At the moment my favorite thing to do during Ella's nap is eat the "silky smooth hollow milk chocolate bunny" that the Easter bunny gave her this year.
I don't know whose idea it was to make it a fairy bunny (TM), but I love that this Dove bunny has wings. More chocolate for Ella!
OK. So Ella hasn't seen it since she took it out of the basket and I whisked it away while she reached for the more wholesome book he gave her, too. Whatever.
I need it more than she does.
That said, I just read a blog by a new mom with an 8-week-old son (I mean, seriously new!), who has given up sweets for a month and pledged to run twice a week as part of her get-back-in-shape plan. She doesn't even think twice a week is very much!
Two months ago I pledged to run (nay, jog) in the Seal Beach 5K. It's so truly in my neighborhood that we can't pull our car out of the driveway while the racers run by our house. I figured it would motivate me to start working out as promised. I even wrote about it and recruited friends to do it with me, thinking if we "trained" together we would all make exercising a habit.
Then, I got a bad cold and a cough that lingered for three weeks. Then, Ella got hand, foot and mouth. This week I've figured that if I actually run in preparation I'll be too sore on race day to manage anything, so my strategy is to eat chocolate.
I don't know what I'm going to do when I run out of fairy bunny. Maybe the race will motivate me to start exercising regularly.
Or, Ella will give me chocolate for Mother's Day.
(In case you're reading this, Ella, I don't really want chocolate. Ever.)
I mentioned that I lost a lot of weight over the last six months. As such, I finally gave away all of my maternity clothes and even got to buy new shorts and shirts for summer.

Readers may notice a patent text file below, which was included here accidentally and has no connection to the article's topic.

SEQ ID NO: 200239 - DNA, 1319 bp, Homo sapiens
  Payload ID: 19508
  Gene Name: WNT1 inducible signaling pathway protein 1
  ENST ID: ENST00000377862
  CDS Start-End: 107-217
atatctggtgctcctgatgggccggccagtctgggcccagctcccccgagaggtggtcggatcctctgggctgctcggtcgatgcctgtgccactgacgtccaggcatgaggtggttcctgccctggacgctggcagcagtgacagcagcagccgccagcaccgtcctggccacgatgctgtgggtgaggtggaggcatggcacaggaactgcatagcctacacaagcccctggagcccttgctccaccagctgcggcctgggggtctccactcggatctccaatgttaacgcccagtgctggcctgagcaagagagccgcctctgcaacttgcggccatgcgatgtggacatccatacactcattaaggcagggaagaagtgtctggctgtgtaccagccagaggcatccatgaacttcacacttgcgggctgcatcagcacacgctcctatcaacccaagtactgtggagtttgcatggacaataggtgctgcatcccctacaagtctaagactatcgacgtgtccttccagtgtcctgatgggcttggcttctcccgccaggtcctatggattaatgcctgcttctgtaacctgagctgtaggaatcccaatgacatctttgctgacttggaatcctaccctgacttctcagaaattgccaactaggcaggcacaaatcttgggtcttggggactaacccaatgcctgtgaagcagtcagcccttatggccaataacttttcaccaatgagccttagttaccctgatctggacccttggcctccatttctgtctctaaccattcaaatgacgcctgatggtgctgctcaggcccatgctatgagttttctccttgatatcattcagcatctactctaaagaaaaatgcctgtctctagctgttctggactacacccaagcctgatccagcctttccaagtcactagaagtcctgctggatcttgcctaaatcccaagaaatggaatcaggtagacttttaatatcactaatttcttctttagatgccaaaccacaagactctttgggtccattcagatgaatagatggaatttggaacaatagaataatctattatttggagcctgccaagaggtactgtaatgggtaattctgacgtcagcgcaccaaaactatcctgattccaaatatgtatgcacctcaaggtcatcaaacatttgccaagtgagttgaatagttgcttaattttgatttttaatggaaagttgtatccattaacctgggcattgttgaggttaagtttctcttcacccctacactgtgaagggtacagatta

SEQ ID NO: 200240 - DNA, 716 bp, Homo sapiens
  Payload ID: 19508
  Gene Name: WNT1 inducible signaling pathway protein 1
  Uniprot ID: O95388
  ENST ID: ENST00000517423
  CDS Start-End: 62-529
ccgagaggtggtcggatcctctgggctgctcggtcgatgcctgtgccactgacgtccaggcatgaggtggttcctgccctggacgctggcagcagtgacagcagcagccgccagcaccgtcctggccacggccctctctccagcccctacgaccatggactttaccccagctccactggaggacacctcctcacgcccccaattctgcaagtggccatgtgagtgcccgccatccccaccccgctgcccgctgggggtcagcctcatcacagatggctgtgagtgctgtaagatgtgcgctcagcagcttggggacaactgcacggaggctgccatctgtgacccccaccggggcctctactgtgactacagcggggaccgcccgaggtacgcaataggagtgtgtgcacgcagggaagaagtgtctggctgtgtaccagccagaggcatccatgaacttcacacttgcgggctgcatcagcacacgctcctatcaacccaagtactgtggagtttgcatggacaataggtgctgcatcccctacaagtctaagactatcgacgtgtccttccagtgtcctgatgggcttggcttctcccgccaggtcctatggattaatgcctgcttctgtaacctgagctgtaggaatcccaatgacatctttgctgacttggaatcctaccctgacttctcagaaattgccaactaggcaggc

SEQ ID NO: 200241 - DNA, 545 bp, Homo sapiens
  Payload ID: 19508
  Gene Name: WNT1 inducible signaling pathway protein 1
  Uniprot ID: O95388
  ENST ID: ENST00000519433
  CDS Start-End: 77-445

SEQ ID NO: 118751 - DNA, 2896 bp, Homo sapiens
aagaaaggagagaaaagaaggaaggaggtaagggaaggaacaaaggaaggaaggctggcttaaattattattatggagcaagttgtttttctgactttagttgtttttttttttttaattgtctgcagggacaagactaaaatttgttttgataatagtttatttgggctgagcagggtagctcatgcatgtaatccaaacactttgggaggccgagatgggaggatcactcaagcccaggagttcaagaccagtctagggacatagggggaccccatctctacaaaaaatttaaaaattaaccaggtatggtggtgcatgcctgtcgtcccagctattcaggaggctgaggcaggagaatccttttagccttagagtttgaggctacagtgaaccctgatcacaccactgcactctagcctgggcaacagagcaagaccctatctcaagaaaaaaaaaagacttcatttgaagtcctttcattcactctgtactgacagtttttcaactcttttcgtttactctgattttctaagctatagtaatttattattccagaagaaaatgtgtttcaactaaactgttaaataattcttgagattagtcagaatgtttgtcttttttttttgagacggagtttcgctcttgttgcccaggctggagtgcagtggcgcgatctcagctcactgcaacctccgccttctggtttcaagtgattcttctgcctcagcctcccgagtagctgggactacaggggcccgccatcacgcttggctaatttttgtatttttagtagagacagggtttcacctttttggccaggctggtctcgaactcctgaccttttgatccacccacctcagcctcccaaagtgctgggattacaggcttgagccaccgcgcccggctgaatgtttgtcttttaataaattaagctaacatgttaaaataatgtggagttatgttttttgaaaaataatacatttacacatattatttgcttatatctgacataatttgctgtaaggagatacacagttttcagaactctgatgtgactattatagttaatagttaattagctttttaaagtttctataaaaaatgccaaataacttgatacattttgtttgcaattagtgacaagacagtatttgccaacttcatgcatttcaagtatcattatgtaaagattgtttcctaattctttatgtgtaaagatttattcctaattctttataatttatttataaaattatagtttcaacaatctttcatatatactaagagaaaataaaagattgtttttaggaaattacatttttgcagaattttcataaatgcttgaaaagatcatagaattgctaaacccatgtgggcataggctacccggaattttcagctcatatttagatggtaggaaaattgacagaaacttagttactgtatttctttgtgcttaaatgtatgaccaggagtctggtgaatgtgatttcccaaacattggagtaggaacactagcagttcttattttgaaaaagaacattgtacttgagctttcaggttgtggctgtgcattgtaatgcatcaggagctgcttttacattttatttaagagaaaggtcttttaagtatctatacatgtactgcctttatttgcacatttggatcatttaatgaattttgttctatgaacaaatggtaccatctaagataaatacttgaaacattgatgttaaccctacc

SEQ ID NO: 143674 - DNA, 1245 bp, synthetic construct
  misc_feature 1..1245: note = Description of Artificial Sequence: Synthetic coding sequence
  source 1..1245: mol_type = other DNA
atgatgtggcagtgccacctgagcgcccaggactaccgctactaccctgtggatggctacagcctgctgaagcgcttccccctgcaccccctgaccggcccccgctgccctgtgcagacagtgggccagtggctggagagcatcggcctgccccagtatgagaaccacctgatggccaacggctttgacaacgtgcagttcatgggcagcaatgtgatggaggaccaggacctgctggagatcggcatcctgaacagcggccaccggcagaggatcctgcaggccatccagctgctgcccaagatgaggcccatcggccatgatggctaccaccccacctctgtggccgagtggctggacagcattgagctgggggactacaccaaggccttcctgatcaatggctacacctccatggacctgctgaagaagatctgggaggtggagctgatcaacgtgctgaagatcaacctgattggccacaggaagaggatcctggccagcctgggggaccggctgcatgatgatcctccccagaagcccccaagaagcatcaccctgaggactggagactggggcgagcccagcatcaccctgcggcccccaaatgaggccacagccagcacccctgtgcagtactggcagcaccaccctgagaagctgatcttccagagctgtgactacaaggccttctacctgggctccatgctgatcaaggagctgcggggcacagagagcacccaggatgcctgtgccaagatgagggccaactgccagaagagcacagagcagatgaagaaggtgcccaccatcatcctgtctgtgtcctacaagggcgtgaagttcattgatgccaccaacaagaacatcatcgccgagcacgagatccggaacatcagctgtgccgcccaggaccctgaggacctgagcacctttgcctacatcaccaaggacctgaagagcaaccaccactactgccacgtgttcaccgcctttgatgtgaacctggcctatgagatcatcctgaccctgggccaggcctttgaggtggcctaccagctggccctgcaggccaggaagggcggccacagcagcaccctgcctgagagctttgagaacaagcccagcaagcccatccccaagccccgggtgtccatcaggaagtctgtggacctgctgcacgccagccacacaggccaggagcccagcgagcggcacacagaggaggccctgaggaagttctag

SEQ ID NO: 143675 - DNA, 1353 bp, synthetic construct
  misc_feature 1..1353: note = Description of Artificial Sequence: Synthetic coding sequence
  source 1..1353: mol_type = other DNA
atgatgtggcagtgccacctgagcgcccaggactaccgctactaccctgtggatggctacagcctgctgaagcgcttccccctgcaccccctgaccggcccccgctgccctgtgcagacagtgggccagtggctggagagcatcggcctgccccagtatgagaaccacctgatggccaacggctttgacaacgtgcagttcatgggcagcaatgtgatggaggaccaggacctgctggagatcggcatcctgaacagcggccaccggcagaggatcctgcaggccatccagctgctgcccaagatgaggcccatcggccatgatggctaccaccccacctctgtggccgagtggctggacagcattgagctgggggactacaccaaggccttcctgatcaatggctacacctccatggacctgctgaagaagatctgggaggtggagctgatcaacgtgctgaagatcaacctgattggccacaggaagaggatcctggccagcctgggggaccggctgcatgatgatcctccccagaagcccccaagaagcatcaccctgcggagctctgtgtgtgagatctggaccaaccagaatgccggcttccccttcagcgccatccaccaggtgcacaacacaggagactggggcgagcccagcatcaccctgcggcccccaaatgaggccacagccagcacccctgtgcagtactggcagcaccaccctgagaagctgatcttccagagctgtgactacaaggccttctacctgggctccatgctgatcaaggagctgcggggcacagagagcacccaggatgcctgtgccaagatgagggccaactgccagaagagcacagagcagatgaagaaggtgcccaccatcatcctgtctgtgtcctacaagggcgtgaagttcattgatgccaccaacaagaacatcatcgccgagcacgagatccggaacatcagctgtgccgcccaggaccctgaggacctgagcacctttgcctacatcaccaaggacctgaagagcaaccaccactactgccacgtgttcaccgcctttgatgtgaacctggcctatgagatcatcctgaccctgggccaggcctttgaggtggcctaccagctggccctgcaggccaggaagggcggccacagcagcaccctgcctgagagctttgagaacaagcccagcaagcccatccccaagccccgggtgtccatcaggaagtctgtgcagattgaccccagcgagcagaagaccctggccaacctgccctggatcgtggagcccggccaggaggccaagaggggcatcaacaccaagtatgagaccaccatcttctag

While browsing through the clothes racks, I saw some really cute shorts and skirts, and felt bad for a moment that I couldn't pull them off anymore. I mean, there's losing a couple of dress sizes, and then there's being a size zero or even two. That would take losing a decade. They are not the same thing. Even so, I know there are women who would give it a shot--there must be, seeing as the items are available in such a wide range of sizes. I just happen to think that at 37 I am now a "woman of a certain age" and should dress accordingly.
I'm hoping Ella was with me, because I know I was talking out loud when I said, "That's, OK. This body made a whole entire person. It doesn't need to wear those shorts."
I talk to her (Ella) all the time. Half the time it's just me thinking aloud, since she doesn't exactly hold up her end of the conversation. The problem is, I find myself doing it all the time--even when she's not with me. Then, I look like a woman of a certain age who is already losing her mind.
I'm finding the fact that my body carried a kid around for nine months to be an honorable thing. I mean, I honor myself for it. Look at this person. I made her. Amazing! I move through the world wearing her like I'm a marathon winner who can't take her medal off.
I want to be able to say I don't worry about the shape of my body. I do. I can totally relate to my new-mom blogger friend when she writes "there's still a very incredible muffin top just waiting to depress me whenever I try to put those [jeans] on." I'm pretty sure some of my pre-pregnancy clothes will never fit me again. I push around on my hips as I hold them against me hoping that this time it will seem worthwhile to even bother trying to put them on, but when I look in the mirror I can see myself behind them. It's like I'm a paper doll and I've cut a little too far away from the outline for the clothes to fit. I'm convinced my bones moved to accommodate Ella, and they just won't go back.
That's what I tell myself.
Once, when I was a teacher, a few students stayed after school in my "homework clinic" to get extra help on an essay. A mom came in to pick up her tenth grade daughter. She looked at one of the other girls wearing a really short, really tight miniskirt and squealed, "I have that skirt, too!"
I can't imagine pulling off a skirt like that now, and my daughter is only two. (Which probably means I'm still younger than that mom was that day.) But I'm OK with that.
My legs probably look better with Ella's little arms wrapped around one of them, anyway.